Ampex introduced the Ampex VRX-1000 videotape recorder in 1956 which became the world's first commercially successful videotape recorder. It used the 2" Quadruplex format, using two-inch (5.1 cm) tape.
Due to its US$50,000 price, the Ampex VRX-1000 could be afforded only by the television networks and the largest individual stations. Ampex later released the first manufactured models of Quad VTR based on the Mark IV which were also prototypes, the VRX-1000, of which 16 were made. Machines made afterward were the final production models, and were designated as the VR-1000.
Foundational text courtesy of Wikipedia. All photography, courtesy of George Schowerer, taken during the AMPEX VRX-1000, 2" Video Tape Recorder, 20th Anniversary, with Ray Dolby and AMPEX Engineers, at the 1976 NAB Conference. The Ampex VRX-1000 (later renamed the Mark IV) videotape recorder is introduced on March 14, 1956, at the National Association of Radio and Television Broadcasters in Chicago.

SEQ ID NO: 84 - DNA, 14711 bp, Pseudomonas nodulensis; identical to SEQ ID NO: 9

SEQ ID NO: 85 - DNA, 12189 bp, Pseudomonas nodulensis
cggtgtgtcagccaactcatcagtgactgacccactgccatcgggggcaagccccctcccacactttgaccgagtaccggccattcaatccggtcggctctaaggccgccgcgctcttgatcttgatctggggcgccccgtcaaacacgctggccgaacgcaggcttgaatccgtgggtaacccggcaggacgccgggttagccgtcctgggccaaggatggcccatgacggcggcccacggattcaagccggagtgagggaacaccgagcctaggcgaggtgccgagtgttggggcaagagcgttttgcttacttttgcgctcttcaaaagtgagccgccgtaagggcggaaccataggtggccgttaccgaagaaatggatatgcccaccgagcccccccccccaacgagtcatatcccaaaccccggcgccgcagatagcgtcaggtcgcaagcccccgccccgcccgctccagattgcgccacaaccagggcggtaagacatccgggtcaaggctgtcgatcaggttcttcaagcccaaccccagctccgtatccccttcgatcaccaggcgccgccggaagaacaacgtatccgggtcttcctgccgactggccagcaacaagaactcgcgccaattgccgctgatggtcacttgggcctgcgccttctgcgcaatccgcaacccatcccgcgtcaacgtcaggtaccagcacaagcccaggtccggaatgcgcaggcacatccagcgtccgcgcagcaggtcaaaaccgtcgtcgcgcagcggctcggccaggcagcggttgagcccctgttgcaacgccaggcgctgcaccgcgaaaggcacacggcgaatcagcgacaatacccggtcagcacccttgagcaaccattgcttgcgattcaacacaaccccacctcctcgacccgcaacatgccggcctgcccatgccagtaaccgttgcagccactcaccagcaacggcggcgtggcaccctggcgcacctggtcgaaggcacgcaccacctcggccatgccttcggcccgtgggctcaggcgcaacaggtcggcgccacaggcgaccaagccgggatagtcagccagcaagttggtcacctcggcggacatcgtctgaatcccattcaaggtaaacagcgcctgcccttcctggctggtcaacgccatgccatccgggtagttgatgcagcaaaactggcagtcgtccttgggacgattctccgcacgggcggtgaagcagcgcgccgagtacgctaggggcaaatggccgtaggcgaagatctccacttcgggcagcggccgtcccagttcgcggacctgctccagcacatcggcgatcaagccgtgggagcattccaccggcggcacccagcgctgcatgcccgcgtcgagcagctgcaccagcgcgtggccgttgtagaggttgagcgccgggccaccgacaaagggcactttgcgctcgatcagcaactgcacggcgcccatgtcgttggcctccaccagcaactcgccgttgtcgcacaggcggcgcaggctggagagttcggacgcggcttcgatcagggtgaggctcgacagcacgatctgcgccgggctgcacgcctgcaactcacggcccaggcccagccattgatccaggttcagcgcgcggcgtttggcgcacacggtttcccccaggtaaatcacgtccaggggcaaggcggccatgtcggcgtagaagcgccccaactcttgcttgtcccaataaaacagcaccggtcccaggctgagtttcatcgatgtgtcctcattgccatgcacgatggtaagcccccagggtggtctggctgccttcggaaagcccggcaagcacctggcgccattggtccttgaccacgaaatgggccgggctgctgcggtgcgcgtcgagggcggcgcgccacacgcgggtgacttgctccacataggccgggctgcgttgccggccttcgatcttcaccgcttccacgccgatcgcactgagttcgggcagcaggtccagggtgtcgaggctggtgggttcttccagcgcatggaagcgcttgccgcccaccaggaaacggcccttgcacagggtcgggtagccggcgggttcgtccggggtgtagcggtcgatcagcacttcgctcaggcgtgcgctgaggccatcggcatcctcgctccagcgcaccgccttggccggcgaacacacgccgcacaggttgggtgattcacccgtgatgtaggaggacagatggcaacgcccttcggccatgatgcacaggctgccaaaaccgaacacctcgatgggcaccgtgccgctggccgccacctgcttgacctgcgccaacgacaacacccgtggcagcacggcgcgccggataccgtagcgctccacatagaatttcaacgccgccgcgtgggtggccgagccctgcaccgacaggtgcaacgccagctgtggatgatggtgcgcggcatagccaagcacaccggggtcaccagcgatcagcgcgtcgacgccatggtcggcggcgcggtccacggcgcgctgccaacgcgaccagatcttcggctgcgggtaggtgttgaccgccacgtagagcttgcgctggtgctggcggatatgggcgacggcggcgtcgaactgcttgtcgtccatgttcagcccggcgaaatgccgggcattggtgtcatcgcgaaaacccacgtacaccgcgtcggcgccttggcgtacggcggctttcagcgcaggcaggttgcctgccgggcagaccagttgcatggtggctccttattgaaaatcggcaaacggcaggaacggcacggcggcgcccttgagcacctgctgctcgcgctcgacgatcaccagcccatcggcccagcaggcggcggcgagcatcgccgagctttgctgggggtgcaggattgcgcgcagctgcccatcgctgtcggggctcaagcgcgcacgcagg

The Ampex VRX-1000 (later renamed the Mark IV) videotape recorder is introduced on March 14, 1956, at the National Association of Radio and Television Broadcasters in Chicago. This is the world's first practical videotape recorder and is hailed as a major technological breakthrough. CBS goes on air with the first videotape delayed broadcast, Douglas Edwards and The News, on November 30, 1956, from Los Angeles, California, using the Ampex Mark IV.
- AMPEX VRX-1000, 2" Video Tape Recorder, 20th Anniversary with Ray Dolby and AMPEX Engineers at NAB 1976. - Photography courtesy of George Schowerer.
AMPEX VRX-1000 in the lab.
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